Every new mother falls victim to the overwhelming urge to “do it all”. Breastfeed, make sure your baby gets adequate tummy time, don’t develop any bad habits. Read to them from (or before) birth! Develop a night-time routine. Keep the house clean and all inhabitants fed and in clean clothes (bonus points for folded and put away!). Possibly even work, in or out of the home, in addition to childrearing and homemaking. Often, I believe, we find that our spouses are willing to cut us some slack and don’t mind too much if the house isn’t spotless or a week’s worth of meals haven’t been planned and prepped and shopped for by Sunday evening. I know my husband is particularly forgiving on this front- he cares much more about coming home to a happy wife and child than a magazine-worthy living room and a three course meal. And yet the pressure remains, partly from within, partly as a perception of what other moms are doing.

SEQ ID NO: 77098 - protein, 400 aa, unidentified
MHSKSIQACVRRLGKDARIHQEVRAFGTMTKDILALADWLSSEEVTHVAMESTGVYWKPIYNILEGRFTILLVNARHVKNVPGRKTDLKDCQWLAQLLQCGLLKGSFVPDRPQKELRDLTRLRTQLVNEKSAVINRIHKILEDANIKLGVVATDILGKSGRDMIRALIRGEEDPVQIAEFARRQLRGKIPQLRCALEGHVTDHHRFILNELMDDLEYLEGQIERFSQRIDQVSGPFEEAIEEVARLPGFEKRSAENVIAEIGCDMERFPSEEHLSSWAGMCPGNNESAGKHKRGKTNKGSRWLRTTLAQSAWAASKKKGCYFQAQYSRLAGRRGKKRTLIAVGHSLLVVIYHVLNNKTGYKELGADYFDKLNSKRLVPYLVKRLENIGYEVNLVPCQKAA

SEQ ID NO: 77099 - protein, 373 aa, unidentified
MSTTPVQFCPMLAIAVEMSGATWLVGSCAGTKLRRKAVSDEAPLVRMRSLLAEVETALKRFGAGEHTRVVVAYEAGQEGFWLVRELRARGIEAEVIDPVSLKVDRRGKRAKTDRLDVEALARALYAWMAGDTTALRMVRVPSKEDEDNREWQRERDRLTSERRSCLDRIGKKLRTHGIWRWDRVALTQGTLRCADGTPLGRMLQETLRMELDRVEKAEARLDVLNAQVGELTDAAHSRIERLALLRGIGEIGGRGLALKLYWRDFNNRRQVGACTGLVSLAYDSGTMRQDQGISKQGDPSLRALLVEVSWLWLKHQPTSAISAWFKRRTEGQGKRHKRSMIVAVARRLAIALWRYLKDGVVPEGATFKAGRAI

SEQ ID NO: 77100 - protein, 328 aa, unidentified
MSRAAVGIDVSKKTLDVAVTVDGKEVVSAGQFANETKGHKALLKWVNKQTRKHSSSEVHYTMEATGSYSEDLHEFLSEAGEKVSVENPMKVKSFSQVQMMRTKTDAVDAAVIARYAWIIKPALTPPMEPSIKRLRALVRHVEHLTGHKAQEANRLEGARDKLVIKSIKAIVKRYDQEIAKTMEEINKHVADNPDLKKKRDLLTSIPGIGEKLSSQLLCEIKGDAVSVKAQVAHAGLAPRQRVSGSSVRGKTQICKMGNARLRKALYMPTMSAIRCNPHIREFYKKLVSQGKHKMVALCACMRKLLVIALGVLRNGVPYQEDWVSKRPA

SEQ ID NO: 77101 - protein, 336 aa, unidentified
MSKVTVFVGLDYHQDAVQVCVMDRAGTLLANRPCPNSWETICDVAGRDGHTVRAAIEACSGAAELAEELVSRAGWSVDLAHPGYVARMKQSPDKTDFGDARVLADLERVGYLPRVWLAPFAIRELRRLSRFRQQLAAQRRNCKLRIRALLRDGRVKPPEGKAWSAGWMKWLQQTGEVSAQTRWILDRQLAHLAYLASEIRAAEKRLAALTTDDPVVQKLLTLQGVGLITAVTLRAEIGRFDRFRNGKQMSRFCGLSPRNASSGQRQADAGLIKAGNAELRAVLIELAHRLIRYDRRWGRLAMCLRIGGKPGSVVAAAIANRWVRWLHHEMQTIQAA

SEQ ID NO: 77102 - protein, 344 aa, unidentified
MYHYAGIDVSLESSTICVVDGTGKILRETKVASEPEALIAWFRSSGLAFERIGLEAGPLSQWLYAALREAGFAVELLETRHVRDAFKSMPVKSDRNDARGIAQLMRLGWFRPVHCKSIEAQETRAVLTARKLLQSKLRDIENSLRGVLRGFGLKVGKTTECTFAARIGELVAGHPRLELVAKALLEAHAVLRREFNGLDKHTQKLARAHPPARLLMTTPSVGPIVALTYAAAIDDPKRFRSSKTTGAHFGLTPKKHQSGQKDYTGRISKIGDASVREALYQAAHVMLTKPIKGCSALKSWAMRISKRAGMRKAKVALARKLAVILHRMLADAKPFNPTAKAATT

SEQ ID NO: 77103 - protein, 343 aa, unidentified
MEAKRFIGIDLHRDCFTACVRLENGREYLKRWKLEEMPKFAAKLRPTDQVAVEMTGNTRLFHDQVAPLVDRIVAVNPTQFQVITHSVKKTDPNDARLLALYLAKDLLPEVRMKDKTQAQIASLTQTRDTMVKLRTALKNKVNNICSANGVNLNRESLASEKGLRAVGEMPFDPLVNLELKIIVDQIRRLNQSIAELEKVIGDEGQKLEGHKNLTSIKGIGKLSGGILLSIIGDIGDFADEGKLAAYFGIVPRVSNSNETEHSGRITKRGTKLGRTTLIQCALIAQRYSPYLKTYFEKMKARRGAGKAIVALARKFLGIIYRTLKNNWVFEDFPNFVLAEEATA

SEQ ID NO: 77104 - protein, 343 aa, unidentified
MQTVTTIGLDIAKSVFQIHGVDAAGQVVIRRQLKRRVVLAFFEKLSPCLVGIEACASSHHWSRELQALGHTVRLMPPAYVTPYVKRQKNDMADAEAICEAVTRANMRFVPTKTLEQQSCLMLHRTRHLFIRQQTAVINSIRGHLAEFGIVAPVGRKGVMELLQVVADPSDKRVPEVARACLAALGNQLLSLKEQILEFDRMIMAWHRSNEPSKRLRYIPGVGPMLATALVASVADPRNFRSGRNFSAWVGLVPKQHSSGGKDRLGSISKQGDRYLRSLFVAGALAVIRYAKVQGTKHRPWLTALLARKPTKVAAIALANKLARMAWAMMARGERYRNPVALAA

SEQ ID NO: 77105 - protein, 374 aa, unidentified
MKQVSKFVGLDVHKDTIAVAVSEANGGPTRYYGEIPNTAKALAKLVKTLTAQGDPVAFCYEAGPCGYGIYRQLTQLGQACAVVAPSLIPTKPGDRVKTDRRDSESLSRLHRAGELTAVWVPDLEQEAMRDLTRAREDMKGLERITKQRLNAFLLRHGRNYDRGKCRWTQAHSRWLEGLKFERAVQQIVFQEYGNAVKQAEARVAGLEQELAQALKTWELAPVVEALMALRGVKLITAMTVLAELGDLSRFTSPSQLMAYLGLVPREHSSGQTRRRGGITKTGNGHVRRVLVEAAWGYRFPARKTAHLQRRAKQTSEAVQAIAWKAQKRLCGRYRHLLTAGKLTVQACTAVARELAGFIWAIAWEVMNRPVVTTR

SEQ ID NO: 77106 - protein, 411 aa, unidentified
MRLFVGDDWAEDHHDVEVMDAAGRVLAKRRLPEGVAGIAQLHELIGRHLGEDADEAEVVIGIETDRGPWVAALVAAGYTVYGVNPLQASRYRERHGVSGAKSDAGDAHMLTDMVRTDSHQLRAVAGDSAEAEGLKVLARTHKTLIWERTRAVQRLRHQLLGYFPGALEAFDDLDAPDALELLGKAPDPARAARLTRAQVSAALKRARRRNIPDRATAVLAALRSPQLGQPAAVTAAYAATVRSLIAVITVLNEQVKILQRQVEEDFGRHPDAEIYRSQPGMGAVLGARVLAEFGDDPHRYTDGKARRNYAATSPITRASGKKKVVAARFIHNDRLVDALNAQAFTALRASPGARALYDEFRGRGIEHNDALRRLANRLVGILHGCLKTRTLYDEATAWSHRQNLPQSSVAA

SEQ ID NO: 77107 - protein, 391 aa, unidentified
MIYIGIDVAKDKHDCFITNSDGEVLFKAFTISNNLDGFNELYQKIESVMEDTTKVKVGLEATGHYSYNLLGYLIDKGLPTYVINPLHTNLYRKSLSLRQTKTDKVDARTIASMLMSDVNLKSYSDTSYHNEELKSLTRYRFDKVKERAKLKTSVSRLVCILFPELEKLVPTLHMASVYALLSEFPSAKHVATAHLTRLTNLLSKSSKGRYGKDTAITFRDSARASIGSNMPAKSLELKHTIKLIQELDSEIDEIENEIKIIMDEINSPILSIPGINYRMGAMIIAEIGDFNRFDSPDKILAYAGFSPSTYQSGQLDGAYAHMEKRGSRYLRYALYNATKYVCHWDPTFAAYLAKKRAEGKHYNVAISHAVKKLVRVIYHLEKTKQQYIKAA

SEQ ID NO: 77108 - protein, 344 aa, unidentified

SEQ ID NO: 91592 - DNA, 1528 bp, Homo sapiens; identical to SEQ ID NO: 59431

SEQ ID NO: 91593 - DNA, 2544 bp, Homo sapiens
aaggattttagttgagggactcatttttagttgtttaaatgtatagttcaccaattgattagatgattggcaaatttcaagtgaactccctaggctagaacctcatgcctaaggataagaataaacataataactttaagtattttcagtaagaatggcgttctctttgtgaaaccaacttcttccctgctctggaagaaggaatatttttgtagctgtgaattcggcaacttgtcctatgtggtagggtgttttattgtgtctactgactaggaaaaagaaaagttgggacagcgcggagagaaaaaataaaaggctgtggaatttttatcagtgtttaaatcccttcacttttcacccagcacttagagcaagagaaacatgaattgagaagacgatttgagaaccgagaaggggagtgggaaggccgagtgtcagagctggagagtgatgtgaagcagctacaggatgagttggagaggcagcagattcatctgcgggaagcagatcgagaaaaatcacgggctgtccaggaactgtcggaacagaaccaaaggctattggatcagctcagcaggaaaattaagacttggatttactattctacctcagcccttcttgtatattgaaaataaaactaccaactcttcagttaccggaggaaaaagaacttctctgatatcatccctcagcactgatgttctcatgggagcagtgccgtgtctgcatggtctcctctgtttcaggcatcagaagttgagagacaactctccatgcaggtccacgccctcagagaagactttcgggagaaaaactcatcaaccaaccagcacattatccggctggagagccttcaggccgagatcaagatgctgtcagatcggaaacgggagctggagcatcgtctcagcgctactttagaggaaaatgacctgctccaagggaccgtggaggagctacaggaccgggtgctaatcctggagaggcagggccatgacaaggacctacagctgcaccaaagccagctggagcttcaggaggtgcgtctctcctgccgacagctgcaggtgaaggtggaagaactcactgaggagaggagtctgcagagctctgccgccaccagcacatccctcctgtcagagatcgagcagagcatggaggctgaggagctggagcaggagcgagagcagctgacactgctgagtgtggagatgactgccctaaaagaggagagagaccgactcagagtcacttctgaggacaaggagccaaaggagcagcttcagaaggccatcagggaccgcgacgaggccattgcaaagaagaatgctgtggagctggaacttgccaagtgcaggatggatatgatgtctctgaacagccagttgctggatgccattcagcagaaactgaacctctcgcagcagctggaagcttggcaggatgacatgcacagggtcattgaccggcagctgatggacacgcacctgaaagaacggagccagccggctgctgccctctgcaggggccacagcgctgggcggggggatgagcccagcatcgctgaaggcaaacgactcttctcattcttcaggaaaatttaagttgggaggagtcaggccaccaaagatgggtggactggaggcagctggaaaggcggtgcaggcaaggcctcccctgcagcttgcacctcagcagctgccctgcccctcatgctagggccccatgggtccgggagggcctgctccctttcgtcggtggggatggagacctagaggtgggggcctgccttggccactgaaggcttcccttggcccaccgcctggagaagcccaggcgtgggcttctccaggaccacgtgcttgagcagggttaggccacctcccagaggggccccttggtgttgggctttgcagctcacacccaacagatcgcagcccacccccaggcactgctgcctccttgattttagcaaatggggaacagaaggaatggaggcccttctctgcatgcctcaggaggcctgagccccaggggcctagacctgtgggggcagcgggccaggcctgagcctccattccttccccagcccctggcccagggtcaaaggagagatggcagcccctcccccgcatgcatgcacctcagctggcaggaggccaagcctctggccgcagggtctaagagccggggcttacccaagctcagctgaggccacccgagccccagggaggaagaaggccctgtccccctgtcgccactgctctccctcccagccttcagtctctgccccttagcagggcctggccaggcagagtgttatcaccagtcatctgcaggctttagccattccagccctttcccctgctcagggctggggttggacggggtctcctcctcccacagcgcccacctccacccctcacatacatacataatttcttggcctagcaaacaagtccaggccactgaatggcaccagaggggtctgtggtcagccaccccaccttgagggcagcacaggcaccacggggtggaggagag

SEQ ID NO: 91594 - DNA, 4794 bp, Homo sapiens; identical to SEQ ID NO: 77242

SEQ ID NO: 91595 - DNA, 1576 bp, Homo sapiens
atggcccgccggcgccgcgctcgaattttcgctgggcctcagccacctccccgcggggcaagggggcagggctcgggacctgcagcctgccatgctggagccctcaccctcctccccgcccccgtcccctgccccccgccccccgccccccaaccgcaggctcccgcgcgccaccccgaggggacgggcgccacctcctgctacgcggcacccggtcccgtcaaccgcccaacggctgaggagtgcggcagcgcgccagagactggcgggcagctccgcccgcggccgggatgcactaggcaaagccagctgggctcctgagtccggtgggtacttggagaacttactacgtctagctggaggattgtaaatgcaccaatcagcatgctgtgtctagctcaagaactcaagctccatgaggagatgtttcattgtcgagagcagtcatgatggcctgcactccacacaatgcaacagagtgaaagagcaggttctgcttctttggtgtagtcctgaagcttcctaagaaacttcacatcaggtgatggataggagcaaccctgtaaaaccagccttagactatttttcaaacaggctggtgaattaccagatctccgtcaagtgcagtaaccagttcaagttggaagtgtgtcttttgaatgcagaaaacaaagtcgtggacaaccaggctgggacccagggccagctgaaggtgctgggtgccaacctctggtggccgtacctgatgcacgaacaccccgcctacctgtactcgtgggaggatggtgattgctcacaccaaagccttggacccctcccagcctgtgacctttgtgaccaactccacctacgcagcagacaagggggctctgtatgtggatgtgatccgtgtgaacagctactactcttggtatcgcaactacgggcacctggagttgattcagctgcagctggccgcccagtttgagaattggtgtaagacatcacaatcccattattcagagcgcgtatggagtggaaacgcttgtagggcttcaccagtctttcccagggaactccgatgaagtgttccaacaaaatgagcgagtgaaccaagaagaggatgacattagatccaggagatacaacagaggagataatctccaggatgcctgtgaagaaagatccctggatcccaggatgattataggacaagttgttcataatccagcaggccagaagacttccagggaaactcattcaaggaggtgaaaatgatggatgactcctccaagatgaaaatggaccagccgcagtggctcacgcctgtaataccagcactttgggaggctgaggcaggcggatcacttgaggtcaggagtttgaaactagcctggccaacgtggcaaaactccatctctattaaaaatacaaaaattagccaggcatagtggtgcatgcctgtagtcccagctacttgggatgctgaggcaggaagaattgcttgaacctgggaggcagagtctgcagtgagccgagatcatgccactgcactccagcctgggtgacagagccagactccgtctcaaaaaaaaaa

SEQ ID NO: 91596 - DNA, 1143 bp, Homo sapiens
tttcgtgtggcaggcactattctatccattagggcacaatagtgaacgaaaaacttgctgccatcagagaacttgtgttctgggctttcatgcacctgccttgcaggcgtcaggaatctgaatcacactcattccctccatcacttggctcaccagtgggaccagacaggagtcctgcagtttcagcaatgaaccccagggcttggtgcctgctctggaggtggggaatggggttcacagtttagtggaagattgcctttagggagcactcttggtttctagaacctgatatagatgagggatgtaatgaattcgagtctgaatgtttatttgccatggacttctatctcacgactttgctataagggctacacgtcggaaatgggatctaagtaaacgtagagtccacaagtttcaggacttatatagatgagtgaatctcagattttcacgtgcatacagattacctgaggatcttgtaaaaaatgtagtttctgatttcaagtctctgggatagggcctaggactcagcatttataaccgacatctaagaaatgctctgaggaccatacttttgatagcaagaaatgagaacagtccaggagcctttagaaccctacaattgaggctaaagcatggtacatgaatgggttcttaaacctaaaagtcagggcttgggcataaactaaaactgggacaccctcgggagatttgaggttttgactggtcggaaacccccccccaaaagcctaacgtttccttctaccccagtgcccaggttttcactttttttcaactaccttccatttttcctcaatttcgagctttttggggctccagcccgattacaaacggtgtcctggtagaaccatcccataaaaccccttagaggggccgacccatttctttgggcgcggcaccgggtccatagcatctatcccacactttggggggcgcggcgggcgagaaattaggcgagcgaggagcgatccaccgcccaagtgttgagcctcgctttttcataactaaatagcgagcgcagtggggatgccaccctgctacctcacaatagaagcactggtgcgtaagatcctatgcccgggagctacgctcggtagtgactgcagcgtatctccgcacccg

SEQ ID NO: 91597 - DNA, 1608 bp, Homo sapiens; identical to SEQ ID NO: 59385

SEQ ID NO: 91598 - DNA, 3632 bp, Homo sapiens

When I was in the hospital after giving birth, it seems that every nurse and pediatrician who came into the room reminded me to “sleep when the baby sleeps”, let other people worry about the laundry and dishes and cooking, and be easy on myself until I had fully healed and established a good routine. Even though I had my mother for a week and my husband off work for a month, I still failed rather miserably and ended up with a uterine infection 8 days after birth that necessitated a trip to the ER with a 103 F temperature and a whole lot of slimy, snotty tears on the way because I felt stupid and annoyed that I couldn’t do it all and now I was probably dying and what would my baby do without me?